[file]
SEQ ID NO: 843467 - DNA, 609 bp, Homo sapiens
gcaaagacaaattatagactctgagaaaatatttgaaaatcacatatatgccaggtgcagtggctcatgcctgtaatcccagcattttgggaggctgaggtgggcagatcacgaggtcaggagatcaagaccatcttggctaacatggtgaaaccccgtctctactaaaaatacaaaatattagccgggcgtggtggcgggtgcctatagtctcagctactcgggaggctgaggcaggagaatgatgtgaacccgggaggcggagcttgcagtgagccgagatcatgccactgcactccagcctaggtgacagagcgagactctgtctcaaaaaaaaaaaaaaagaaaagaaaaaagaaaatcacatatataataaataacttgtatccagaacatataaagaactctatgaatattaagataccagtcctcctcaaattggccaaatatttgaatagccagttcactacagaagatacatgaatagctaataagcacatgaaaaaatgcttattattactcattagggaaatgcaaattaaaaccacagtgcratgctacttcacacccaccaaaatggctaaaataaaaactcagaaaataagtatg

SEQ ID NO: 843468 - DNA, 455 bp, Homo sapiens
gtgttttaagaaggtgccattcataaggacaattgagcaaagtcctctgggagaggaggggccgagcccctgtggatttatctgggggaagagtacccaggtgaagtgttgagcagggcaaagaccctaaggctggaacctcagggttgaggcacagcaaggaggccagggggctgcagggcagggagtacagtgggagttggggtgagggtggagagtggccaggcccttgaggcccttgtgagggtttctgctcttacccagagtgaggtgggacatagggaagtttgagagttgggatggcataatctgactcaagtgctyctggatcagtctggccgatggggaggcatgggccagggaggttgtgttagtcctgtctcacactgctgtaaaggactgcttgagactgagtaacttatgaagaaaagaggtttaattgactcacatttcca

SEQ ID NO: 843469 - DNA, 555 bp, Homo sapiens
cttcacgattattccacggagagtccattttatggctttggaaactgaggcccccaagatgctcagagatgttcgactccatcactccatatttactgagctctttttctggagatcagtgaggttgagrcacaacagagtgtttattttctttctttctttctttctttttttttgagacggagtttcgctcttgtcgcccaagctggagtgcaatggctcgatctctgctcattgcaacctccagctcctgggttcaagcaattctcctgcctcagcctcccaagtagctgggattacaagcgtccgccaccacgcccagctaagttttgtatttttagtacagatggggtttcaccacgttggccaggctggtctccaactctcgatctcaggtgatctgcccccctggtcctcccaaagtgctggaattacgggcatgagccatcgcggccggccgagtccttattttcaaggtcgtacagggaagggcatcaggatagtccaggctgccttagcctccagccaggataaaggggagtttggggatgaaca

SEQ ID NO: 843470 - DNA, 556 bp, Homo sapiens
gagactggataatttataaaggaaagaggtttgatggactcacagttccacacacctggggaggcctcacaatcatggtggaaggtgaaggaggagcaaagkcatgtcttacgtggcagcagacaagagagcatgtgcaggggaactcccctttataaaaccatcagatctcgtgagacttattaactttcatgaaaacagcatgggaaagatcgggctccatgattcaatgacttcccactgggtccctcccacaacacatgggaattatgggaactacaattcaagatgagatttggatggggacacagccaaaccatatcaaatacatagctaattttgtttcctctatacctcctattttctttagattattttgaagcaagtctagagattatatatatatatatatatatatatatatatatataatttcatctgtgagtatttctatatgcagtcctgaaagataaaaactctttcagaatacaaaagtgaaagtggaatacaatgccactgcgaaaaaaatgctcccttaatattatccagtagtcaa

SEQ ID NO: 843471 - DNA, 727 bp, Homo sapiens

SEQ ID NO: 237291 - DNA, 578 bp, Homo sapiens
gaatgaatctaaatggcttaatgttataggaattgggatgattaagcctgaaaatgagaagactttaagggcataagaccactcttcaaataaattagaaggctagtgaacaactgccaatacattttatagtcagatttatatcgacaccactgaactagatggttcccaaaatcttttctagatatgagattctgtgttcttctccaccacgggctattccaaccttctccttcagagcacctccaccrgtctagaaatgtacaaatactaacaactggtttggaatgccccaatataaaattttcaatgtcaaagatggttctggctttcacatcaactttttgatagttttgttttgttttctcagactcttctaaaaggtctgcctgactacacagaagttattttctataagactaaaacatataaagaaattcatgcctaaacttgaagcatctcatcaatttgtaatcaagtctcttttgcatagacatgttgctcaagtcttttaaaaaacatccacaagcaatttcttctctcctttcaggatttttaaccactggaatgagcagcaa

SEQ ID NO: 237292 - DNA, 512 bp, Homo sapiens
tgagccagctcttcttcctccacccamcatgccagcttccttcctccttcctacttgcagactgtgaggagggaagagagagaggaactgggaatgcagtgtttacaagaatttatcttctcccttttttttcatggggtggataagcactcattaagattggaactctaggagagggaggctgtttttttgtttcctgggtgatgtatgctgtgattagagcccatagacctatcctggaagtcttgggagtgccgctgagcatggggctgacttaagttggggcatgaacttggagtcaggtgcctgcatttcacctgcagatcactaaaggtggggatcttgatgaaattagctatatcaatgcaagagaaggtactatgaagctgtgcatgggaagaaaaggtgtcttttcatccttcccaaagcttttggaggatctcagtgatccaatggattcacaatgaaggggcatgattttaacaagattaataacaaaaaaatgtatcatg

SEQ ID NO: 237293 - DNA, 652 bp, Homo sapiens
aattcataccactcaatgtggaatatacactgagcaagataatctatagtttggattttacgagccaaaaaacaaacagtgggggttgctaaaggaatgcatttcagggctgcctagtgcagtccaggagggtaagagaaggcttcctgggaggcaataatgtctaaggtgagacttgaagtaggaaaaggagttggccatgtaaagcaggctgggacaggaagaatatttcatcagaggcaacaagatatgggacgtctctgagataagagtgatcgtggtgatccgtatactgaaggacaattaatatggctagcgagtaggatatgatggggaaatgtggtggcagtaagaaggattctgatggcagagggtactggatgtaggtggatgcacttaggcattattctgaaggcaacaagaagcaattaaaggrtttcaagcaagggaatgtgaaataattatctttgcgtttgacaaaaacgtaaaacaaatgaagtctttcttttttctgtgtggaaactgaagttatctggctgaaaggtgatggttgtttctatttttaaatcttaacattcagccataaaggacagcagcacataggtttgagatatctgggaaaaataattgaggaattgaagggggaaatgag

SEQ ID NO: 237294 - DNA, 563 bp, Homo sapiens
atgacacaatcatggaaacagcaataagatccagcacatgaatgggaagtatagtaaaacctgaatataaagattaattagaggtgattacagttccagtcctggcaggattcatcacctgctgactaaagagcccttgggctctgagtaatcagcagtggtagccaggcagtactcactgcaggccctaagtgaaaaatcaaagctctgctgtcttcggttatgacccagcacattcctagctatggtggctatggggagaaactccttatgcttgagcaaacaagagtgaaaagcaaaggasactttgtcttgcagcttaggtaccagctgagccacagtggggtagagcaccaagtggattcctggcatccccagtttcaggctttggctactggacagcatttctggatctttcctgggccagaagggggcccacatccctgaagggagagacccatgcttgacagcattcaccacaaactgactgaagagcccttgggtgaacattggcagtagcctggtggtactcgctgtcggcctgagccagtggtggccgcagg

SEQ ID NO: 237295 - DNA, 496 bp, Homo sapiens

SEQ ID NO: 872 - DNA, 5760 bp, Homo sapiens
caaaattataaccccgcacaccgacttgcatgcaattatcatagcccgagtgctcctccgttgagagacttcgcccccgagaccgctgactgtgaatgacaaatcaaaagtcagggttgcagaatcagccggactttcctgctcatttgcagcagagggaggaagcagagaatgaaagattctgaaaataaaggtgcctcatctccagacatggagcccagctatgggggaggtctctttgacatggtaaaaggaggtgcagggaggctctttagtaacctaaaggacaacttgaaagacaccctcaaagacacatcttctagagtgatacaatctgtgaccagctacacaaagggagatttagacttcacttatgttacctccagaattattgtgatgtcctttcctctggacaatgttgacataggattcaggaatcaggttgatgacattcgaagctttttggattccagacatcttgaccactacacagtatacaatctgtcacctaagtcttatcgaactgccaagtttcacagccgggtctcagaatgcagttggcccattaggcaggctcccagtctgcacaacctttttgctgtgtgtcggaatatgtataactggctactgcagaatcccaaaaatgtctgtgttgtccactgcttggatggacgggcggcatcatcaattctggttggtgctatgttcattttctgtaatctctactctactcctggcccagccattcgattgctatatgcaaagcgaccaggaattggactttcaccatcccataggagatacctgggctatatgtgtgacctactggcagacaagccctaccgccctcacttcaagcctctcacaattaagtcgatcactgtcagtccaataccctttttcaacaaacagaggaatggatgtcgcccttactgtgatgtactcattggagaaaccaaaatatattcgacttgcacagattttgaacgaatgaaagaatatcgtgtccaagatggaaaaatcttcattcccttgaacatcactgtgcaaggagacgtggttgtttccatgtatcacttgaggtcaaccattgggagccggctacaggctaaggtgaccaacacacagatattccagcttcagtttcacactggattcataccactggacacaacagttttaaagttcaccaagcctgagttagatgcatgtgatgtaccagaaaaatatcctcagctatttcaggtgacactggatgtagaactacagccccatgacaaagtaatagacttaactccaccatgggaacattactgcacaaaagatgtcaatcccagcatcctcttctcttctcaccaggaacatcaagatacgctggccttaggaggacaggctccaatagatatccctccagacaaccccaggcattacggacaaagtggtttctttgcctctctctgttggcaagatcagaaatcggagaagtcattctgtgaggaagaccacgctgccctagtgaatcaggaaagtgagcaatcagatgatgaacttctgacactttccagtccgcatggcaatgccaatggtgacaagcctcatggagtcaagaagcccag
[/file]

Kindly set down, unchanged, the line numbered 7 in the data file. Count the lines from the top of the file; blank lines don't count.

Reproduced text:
SEQ ID NO: 843470 - DNA, 556 bp, Homo sapiens